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President Obama: All of the power, none of the blame

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Matt Patterson,Op-Eds,Barack Obama,President,The Washington Post,MSNBC,CNN,ABC,Michelle Obama,Analysis

On the eve of the invasion of Normandy in 1944, Gen. Dwight D. Eisenhower made his last inspections of the troops in South Eastern England as they made final preparations for the assault on Fortress Europe.

Eisenhower returned to his quarters and wrote a memo that he hoped he would not have to issue the next morning. It read in part:

"Our landings ... have failed. ... My decision to attack at this time and place was based upon the best information available. The troops ... did all that bravery and devotion to duty could do. If any blame or fault attaches to the attempt, it is mine alone."

Thankfully the memo was not needed -- the invasion was a success, and Eisenhower credited all success to the bravery of the troops.

Flash forward to 2013. President Obama presides over an economy that remains crippled after years of government "stimulus," with more Americans unemployed for longer periods of time than at any point since the Great Depression.

Unlike Eisenhower, however, Obama accepts no responsibility -- in fact, the mantra of the Obama administration could be, a la Bart Simpson, "I didn't do it."

For Obama, the presidential buck stops any and everywhere except with the president -- the Republicans in Congress, Tsunamis, ATMs, and especially that great boogeyman, former President George W. Bush.

It is not surprising that the president does not want credit for the government and economy he is responsible for -- they are both in truly sorry shape. But what is strange is that Obama has not been held responsible by anybody in key precincts of power in this country, either.

Conservatives like to think and say that Obama gets a pass from the media because Obama is a liberal and reporters like liberals. I'm sure that's part of it, but liberal journalists have held Democratic politicians to the fire in times past.

Civil Rights patron saint Lyndon Johnson was nonetheless excoriated for his stewardship of the Vietnam War; Jimmy Carter was held partly responsible for the economic catastrophe of the late 1970s; and even beloved Bill Clinton was raked over the coals for years over his indiscretions with a White House intern.

What is going on here with Obama?

Think about it: George Bush gets blamed for Hurricane Katrina; Hurricane Sandy helps Obama get re-elected.

In a previous column for the American Thinker ("The Affirmative Action President," August 18, 2011), I put forward the hypothesis that all of us, and I mean the country as a whole, have perhaps held Obama to a different standard than previous presidents and presidential candidates, partly because he is black.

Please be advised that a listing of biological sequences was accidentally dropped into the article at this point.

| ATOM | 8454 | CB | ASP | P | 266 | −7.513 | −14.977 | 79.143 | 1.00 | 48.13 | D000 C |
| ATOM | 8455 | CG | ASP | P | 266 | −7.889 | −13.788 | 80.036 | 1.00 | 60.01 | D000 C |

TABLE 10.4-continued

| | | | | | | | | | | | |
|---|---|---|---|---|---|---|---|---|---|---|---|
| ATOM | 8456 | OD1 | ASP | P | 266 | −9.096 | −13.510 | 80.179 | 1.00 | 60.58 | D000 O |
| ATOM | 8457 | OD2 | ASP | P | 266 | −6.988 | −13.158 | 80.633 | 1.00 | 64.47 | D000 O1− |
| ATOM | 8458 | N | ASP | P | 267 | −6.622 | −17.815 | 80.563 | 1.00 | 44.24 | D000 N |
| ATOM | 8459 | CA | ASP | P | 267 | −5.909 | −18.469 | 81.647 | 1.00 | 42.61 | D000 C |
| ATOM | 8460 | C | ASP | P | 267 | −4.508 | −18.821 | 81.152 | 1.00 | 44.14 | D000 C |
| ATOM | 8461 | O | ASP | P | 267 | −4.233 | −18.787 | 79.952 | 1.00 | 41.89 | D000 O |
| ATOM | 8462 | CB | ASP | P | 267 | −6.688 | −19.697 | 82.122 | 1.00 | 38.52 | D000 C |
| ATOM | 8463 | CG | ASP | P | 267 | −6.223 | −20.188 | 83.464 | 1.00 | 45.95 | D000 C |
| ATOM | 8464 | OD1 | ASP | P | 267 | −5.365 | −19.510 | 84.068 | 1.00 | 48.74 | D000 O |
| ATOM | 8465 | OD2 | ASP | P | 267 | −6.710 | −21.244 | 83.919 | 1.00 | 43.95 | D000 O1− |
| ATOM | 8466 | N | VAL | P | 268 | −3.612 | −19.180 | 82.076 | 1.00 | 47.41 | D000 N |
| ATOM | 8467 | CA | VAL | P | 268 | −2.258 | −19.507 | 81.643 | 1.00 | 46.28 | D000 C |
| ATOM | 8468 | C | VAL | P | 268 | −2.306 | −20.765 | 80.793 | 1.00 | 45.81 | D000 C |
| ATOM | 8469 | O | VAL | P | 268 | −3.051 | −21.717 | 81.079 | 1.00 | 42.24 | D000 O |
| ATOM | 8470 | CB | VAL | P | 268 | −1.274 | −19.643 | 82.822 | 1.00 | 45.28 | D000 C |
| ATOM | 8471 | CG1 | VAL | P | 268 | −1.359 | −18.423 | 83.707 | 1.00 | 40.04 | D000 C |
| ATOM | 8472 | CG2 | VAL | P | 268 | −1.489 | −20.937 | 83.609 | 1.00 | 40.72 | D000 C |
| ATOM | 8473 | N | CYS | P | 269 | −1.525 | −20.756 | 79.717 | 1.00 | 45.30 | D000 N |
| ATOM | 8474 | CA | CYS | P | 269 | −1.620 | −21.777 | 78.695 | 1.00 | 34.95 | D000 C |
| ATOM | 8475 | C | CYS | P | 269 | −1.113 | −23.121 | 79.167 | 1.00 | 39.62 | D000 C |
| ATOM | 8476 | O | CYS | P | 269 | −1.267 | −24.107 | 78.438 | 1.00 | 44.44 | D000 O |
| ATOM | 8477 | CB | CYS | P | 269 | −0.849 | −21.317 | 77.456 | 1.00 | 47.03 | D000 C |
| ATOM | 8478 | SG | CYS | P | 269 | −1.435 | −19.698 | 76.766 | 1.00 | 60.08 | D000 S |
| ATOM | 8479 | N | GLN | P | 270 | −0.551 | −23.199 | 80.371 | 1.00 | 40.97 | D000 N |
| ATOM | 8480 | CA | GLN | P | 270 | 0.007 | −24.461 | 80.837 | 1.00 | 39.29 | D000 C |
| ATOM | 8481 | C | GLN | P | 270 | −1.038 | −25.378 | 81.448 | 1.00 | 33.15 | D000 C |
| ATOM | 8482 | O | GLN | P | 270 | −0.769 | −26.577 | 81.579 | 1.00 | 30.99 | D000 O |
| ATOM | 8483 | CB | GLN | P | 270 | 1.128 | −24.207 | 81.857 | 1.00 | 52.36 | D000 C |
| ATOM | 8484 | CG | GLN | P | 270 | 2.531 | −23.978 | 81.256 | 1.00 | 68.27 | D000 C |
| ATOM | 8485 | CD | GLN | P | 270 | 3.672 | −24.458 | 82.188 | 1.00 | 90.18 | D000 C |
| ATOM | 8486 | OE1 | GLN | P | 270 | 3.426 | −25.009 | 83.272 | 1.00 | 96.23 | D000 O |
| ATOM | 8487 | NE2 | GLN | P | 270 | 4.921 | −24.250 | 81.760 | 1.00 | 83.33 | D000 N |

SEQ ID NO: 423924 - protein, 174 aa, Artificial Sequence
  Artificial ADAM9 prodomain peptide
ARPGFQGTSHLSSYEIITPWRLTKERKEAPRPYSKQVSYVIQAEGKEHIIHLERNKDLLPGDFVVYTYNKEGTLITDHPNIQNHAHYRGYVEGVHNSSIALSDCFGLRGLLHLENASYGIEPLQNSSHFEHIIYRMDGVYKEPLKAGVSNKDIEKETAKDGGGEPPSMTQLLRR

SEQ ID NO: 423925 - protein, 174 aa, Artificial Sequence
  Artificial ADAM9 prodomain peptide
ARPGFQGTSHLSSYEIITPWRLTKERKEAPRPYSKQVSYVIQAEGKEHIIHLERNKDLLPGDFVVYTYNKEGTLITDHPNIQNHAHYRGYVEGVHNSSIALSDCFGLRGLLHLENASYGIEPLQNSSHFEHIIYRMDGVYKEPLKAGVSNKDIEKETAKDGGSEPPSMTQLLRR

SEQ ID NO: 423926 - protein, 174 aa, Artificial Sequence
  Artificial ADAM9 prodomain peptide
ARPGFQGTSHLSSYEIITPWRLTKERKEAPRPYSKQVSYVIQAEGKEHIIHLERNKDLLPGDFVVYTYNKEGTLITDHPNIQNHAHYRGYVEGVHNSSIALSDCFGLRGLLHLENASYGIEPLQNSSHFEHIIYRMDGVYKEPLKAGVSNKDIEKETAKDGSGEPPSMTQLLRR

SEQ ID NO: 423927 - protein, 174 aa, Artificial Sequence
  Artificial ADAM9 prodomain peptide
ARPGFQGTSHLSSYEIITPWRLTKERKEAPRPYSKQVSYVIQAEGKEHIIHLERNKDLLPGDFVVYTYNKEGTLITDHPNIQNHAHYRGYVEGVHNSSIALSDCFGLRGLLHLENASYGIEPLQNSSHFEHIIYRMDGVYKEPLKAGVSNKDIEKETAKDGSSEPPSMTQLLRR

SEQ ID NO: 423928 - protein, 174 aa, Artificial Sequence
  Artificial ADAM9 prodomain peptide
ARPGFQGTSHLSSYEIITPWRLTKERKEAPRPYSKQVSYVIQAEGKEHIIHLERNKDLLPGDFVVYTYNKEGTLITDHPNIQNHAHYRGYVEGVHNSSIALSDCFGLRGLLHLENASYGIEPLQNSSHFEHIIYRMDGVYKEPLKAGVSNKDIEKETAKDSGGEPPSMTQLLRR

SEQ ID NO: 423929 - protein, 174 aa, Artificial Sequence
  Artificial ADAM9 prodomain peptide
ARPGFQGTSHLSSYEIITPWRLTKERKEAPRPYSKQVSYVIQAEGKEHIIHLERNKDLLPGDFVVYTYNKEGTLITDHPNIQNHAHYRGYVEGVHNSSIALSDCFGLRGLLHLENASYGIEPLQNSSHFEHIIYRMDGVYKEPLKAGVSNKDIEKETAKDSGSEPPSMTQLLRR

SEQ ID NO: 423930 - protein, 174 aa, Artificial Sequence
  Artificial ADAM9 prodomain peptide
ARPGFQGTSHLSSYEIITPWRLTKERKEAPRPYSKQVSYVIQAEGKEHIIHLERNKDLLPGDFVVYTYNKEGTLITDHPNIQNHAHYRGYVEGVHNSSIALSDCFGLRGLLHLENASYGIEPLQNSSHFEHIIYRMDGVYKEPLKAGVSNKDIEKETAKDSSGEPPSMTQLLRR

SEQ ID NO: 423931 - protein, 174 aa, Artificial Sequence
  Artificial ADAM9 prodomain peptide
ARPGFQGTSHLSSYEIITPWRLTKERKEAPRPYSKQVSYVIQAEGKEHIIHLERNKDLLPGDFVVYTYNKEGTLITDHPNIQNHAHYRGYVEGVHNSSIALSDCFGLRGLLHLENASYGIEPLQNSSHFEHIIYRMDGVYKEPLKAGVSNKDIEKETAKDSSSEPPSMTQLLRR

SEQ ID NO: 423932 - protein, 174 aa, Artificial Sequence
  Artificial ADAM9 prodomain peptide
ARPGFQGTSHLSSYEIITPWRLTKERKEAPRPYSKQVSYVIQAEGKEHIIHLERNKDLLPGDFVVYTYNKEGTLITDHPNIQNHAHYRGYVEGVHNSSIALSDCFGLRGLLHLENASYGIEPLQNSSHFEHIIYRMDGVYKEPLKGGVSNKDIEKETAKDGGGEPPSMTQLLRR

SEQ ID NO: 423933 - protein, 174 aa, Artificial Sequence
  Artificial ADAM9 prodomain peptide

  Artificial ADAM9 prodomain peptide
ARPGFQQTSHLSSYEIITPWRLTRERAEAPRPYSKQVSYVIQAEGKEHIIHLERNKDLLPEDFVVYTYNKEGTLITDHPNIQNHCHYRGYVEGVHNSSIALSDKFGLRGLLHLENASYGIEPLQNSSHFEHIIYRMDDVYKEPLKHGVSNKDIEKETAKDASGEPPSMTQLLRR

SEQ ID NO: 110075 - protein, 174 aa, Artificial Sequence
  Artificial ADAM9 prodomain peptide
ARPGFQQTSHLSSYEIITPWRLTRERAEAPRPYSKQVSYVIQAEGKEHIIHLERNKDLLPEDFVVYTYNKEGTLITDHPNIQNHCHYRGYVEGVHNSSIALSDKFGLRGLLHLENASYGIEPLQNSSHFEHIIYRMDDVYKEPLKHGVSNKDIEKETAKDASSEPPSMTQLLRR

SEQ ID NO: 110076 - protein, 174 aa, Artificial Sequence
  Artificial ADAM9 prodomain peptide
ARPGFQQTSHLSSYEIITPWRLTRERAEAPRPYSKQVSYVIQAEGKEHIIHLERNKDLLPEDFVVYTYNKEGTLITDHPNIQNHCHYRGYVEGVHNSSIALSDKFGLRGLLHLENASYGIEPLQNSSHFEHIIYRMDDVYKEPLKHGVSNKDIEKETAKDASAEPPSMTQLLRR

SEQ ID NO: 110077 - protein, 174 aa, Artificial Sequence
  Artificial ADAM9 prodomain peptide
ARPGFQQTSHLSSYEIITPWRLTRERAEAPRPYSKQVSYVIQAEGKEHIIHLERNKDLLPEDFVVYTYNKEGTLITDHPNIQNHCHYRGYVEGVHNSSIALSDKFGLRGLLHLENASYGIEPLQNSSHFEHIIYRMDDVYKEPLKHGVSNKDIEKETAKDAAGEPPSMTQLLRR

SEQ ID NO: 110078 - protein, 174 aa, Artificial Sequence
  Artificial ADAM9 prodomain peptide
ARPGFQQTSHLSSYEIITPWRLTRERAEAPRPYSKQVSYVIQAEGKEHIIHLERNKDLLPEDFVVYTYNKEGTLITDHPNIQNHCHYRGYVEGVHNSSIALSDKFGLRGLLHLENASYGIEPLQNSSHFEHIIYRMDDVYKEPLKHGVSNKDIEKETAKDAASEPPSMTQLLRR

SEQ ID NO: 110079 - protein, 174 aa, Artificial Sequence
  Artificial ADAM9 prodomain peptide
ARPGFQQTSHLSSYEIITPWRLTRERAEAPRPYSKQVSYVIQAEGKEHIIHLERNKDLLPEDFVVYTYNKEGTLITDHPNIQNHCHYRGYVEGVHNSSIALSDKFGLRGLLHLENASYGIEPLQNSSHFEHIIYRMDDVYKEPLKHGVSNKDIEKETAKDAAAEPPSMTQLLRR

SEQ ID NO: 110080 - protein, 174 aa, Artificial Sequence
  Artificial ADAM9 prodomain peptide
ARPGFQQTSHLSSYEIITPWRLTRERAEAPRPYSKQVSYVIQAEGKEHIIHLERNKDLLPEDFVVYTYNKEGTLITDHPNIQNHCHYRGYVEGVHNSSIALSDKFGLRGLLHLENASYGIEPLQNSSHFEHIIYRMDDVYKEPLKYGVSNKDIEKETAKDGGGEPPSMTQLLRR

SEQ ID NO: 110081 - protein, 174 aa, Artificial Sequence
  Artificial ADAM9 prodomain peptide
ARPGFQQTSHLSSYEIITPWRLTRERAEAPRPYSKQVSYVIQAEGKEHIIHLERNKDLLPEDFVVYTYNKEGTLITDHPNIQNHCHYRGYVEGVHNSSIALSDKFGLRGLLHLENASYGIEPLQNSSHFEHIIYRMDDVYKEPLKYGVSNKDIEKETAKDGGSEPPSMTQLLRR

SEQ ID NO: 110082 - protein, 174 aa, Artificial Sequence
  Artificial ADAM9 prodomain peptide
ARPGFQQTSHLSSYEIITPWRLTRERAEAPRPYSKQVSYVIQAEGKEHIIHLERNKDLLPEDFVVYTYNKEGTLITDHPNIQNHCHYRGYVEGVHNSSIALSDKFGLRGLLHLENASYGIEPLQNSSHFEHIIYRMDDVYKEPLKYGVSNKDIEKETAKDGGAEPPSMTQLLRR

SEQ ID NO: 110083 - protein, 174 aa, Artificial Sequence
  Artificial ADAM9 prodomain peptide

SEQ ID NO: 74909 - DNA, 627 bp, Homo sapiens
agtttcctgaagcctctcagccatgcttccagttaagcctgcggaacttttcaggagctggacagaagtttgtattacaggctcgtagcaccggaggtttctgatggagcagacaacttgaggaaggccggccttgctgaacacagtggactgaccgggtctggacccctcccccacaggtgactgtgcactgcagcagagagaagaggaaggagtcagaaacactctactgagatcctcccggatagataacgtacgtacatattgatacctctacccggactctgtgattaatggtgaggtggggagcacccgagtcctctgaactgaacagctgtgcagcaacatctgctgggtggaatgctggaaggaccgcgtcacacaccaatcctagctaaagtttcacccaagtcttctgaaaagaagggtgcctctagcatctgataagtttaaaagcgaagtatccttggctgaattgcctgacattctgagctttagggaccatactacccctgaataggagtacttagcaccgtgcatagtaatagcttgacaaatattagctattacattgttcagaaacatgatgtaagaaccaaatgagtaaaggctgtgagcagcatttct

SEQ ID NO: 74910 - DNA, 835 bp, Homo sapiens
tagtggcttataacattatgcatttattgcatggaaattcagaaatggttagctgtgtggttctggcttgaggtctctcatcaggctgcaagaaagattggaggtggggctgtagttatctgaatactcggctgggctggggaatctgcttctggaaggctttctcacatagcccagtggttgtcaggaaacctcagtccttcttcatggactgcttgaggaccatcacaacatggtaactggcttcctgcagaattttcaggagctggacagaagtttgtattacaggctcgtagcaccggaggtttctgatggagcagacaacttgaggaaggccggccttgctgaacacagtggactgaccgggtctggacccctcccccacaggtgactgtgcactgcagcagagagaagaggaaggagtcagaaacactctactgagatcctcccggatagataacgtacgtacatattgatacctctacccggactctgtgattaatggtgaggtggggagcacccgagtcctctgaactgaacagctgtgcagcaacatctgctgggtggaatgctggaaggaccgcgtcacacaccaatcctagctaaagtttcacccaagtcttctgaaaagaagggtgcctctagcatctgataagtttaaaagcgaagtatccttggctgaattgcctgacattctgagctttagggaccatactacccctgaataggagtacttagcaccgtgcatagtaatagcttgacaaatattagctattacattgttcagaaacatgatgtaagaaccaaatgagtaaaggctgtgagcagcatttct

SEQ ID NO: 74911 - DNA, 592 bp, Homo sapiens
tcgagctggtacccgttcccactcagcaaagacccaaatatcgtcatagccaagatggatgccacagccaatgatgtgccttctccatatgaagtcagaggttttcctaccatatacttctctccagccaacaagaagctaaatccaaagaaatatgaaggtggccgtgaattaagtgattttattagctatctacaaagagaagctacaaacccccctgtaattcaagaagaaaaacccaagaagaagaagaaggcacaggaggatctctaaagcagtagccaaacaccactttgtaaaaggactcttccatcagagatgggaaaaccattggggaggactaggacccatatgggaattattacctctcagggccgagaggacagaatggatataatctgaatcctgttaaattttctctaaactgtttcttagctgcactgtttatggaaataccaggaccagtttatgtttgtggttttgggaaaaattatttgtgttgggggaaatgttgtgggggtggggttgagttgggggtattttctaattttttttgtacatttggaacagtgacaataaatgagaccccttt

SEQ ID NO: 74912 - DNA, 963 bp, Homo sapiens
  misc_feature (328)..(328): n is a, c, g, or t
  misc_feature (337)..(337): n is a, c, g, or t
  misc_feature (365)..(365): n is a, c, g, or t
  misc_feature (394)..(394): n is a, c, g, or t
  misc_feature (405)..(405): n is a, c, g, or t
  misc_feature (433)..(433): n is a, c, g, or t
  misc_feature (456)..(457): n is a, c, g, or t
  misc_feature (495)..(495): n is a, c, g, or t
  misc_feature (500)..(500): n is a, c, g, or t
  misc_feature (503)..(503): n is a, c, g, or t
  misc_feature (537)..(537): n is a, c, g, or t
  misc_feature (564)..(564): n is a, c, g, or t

It was, I thought at the time, neither a controversial nor especially original idea; the incomparable Norman Podhoretz had written along similar lines for the Wall Street Journal.

Nonetheless, I found to my surprise that that my column struck a nerve like nothing I had written before or since, becoming the subject of a widely distributed chain email (often misattributing its source).

I still think there is merit to the notion -- indeed Obama's re-election in the face of an economy that would have almost certainly defeated any other president only strengthened my suspicions that his presidency -- like his candidacy before -- has been buoyed by an entirely understandable desire on the part of the country to see an African-American succeed in the world's toughest job, and not only because of what it says about this country's essential goodness.

And it is vital to understand that recognizing this reality is NOT saying Obama succeeds or fails because he is black, only that he should be held to the same standards as every other previous occupant of the Oval Office.

In the end, though, it doesn't really matter why Obama refuses to accept responsibility, or why much of the nation has opted not to hold him accountable for his failures. It only matters that it is so.

In politics, war and life, to hold someone unaccountable for the unacceptable only ensures mediocrity -- or worse. For the millions of lives saved and liberated by Allied forces in 1944-45, thank God there were men like Eisenhower prepared to hold everyone accountable:

Even -- especially -- themselves.

Matt Patterson is a Washington, D.C.-based columnist and author.

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